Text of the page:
The Liuhua 11-1 oil field is, to date, the largest oil field in the South China Sea and the reservoir is located in 1,000ft (300m) of water. After preliminary exploration studies, Liuhua 11-1A was drilled. It tested at rates of 2,240bbl of heavy crude per day. Confirmation drilling of two additional wells, the Liuhua 11-1-3 and the Liuhua 11-1-4, showed a significant reservoir accumulation of more than a billion barrels of oil-in-place.
Due to the characteristics of the oil (very heavy, dead crude) and the relatively shallow depth of the reservoir, it was clear from the initial discovery that innovative technology would have to be combined with proven techniques to bring Liuhua to life.
Offshore production system
Between 1987 and 1992, Amoco and Nanhai East engineering teams experimented and tested varying development concepts, until they found a breakthrough solution. The teams determined that the offshore production system would have three major components:
- A floating production system (FPS) for drilling and producing well support
- A floating production, storage and off-loading (FPSO) system for processing and storing the crude oil
- An innovative subsea system using electric submersible pumps to service approximately 20 horizontal wells
In March 1993, six years after the discovery, the overall development programme for the Liuhua 11-1 field was approved by all levels of the Chinese government. The project was then put on a fast track.
A semi-submersible drilling vessel was purchased in September 1993 and converted into the FPS Nanhai Tiao Zhan. A 140,000DWT crude tanker was purchased in October 1993 and converted into the FPSO Nanhai Sheng Li. These vessels were moved onto location in June 1995 and March 1996, respectively. The vessels are moored approximately 3km apart.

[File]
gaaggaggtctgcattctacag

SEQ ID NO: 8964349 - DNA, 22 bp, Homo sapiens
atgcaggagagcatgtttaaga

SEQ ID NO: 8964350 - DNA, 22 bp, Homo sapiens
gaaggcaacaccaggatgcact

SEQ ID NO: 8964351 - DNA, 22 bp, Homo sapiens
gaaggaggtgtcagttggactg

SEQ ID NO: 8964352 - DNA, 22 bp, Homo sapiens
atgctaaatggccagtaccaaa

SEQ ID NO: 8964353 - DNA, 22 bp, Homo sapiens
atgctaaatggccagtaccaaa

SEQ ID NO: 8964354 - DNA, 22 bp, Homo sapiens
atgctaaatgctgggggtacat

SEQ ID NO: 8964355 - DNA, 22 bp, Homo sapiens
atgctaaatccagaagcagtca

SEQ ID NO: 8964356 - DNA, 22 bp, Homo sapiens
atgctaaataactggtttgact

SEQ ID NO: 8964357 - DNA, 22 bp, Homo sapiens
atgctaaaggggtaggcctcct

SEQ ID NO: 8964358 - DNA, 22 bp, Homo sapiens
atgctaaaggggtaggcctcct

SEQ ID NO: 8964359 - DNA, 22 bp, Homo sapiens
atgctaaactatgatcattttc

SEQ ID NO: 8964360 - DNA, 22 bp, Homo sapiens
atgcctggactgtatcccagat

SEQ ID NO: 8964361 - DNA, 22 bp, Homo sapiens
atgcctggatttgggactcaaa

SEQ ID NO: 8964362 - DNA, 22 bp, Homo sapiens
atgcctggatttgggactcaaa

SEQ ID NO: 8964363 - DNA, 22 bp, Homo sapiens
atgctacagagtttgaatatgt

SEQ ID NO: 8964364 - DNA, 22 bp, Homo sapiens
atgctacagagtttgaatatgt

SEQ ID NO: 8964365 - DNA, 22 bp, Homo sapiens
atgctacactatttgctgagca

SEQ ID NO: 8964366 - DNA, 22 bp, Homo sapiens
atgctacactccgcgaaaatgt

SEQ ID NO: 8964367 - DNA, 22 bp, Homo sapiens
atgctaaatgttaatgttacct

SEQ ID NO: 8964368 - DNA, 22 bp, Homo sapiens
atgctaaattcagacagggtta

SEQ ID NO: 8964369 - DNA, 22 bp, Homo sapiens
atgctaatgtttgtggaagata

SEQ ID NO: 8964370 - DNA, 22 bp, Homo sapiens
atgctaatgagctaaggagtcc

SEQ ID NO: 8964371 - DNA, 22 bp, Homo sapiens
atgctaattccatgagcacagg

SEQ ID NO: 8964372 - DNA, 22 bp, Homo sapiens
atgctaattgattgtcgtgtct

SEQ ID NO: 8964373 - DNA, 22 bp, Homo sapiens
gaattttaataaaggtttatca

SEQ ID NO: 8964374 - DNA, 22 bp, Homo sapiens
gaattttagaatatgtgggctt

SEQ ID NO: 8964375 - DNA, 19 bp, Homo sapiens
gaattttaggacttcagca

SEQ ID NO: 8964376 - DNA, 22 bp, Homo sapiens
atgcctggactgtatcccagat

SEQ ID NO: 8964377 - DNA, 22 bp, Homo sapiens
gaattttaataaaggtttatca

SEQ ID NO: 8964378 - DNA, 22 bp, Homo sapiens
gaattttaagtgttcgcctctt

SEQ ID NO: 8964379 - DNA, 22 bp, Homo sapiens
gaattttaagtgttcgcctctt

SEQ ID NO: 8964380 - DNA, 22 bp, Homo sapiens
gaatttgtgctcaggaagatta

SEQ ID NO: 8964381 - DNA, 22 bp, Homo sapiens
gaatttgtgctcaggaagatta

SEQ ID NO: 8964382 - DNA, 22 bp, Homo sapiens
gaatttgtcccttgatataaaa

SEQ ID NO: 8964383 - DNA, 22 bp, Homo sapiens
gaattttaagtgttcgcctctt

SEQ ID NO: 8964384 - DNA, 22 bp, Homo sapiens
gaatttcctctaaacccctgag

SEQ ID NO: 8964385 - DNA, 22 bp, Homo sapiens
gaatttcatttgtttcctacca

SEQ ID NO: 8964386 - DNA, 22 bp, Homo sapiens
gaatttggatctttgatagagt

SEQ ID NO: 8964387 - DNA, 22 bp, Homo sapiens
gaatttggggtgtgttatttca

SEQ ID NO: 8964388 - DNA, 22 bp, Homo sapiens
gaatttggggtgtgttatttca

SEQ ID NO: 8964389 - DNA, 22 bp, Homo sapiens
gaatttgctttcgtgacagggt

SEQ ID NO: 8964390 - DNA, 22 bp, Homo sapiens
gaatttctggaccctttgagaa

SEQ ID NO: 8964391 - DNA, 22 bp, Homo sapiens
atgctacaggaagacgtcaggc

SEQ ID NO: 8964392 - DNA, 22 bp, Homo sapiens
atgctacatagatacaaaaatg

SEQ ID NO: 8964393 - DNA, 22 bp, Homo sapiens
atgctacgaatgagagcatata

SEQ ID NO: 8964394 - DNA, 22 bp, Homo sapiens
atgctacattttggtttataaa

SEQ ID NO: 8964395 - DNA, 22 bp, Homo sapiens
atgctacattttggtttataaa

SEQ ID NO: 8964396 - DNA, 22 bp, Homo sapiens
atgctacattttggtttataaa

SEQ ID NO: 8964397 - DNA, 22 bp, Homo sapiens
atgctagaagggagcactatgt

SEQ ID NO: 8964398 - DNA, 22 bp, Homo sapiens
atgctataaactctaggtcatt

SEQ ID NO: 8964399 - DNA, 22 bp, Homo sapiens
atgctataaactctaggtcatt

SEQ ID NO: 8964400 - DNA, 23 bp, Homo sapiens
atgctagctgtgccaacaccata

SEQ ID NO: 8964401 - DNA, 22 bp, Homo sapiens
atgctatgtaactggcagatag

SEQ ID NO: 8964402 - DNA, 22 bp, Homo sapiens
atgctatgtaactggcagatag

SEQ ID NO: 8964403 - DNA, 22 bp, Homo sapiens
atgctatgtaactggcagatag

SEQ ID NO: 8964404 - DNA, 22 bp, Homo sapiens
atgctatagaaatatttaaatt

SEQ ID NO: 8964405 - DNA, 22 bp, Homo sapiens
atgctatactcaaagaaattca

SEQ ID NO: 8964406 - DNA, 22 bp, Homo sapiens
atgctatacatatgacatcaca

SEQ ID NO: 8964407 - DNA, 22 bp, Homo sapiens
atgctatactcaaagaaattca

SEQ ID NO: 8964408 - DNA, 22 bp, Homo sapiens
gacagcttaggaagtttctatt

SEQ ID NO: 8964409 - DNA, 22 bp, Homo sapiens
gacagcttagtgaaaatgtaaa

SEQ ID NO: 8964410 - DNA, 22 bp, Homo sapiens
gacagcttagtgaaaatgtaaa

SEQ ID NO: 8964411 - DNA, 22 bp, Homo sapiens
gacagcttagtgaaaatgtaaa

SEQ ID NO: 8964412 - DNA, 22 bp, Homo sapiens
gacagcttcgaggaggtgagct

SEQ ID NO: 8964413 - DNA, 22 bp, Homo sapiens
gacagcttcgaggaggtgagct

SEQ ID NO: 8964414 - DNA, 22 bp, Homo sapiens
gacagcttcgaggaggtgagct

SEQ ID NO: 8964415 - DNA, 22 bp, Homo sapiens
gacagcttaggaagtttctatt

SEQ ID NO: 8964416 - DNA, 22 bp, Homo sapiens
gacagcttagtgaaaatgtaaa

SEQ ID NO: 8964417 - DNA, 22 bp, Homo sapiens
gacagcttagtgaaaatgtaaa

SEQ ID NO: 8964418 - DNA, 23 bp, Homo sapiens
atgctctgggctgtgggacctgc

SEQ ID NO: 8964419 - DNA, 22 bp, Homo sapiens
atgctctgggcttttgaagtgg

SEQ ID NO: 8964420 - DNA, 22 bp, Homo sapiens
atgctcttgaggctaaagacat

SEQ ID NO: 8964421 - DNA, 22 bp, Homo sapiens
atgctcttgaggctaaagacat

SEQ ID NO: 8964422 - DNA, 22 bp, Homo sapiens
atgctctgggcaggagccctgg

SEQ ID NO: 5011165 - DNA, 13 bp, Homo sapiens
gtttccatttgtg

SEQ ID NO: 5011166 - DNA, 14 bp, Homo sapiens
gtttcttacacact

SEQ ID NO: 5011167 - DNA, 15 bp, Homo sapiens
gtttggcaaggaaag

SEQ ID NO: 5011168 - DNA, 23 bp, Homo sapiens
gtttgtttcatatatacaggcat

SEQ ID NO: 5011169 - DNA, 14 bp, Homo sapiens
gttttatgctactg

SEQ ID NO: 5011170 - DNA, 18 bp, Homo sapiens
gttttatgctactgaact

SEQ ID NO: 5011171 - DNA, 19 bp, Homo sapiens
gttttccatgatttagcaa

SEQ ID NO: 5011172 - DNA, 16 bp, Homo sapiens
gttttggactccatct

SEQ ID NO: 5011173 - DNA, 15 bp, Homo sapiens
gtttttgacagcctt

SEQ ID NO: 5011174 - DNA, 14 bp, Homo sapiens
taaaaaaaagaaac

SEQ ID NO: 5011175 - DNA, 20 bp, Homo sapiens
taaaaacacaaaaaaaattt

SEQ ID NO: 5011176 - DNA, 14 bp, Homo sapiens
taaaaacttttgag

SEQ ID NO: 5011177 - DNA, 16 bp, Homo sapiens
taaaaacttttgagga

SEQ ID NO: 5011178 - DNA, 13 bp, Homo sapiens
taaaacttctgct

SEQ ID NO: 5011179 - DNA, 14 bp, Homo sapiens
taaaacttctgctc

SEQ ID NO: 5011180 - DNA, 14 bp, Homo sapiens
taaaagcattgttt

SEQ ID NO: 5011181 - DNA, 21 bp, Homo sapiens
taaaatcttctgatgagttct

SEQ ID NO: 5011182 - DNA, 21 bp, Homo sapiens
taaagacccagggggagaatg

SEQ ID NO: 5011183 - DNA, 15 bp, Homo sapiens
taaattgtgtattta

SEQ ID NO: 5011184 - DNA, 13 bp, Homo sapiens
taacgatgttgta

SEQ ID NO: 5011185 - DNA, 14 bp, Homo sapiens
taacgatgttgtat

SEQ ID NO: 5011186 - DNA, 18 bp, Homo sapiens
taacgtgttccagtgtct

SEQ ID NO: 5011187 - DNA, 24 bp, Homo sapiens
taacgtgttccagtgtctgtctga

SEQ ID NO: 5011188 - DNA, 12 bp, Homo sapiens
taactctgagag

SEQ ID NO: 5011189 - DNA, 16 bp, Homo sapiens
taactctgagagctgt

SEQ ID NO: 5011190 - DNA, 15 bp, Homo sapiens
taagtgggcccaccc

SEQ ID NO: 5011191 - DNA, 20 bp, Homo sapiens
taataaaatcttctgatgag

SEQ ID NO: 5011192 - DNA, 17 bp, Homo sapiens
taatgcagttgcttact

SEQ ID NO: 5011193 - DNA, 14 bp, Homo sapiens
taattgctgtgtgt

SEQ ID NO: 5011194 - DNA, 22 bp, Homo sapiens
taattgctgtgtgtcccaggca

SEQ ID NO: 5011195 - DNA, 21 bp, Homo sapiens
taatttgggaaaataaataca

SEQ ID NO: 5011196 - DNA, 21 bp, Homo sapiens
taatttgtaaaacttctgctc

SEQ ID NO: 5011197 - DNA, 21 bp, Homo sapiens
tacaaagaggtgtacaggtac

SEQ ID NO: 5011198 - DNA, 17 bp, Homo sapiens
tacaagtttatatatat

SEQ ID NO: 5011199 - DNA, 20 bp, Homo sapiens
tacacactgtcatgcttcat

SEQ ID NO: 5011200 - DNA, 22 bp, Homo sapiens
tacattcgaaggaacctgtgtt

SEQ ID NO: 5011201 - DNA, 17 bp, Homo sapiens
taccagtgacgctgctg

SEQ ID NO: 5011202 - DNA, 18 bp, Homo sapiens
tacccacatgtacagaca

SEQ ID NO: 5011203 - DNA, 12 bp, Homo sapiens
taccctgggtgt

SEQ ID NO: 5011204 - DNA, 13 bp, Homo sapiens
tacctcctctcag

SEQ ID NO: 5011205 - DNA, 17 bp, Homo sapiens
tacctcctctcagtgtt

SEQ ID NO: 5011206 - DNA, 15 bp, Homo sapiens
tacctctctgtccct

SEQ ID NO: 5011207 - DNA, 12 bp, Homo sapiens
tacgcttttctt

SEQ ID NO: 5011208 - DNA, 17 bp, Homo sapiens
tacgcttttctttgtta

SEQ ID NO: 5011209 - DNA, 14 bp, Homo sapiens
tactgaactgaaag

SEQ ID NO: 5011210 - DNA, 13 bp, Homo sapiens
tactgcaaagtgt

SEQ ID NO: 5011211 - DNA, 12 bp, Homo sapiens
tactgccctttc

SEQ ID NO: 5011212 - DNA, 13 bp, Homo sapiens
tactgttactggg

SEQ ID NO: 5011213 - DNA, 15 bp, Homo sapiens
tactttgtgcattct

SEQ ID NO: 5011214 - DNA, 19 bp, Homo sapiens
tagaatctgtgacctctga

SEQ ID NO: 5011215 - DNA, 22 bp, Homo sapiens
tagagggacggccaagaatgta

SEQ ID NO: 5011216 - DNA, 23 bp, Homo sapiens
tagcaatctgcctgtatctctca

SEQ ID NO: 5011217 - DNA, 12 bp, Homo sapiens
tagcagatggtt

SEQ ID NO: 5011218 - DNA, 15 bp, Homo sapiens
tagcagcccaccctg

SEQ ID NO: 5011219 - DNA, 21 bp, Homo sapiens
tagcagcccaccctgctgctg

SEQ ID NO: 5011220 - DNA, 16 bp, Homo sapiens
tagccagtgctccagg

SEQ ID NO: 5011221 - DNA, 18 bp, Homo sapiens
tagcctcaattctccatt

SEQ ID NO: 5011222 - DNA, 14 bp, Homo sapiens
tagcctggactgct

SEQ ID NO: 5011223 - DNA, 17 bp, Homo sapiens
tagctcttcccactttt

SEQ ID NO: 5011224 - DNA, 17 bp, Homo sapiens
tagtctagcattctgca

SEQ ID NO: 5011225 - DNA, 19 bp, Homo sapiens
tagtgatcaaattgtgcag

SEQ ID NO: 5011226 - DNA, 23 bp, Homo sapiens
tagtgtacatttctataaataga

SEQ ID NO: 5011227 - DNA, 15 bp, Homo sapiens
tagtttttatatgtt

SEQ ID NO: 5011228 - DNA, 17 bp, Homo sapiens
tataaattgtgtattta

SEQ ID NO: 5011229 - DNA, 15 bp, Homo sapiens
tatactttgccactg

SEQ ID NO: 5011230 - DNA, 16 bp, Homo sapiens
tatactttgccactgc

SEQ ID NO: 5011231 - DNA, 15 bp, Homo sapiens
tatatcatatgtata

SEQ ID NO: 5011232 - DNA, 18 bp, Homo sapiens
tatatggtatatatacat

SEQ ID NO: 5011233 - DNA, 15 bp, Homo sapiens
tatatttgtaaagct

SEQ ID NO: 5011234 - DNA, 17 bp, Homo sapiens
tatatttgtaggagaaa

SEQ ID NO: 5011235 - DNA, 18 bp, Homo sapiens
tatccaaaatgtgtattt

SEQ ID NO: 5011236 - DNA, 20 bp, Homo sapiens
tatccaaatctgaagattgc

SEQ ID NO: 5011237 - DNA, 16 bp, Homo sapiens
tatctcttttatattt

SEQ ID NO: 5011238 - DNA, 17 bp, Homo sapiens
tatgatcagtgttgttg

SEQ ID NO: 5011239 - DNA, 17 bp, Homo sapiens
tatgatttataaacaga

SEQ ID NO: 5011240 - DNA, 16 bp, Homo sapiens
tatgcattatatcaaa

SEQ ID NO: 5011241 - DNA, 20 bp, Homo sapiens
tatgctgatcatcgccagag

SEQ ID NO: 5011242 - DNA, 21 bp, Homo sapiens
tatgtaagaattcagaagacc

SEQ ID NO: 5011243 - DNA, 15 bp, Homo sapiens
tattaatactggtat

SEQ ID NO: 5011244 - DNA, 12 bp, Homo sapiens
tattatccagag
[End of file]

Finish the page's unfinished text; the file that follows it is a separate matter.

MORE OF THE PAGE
The FPS is a modified semi-submersible drilling rig with the necessary systems to drill, complete and work-over horizontal subsea wells. Additionally, the FPS installs and operates subsea manifold systems and houses electrical generation and distribution equipment to provide power to the ESPs. At the start-up, ten wells were completed, the final ten were to be completed by the end of 1996.
The FPSO is a modified crude oil carrying tanker, which processes crude oil, stores processed oil, flares associated gas and processes produced water. The FPSO supports the processing equipment necessary to handle up to 65,000bbl of oil and 300,000bbl of total fluids per day. The vessel has a storage capacity of some 720,000bbl. Produced crude will be off-loaded, via tandem-moored shuttle tankers.
The unique building-block concept used in the subsea system is a technology that was one of the major keys to success in the Liuhua project. Typically, deepwater systems have used huge structures that must be constructed on-shore, then hauled to the site. But this was not practical at Liuhua, so the engineers devised a system that could be assembled on-site and installed from a floating drilling rig. By breaking the subsea system down into manageable components, and adding some innovative technology – including a field-fabricated jumper system that connected the wells – the engineers created a system that can be assembled on the FPS, lowered to the seafloor and maintained without the need for divers.
All of the individual subsea components were designed to be installed or retrieved from the FPS, in a diverless environment, by piloting ROVs. A special single-point docking cone, located on the seafloor was also designed, so that the ROVs can select from a variety of tools without having to return to the surface each time.
The field is currently being developed with 25 long-radius horizontal wells. Project success is dependent on limiting water production and on well productivity. To better define reservoir heterogeneity, a very high-resolution dataset (200+ Hz) 3-D seismic survey has been used in an integrated field study to evaluate the future exploitation potential of the reservoir.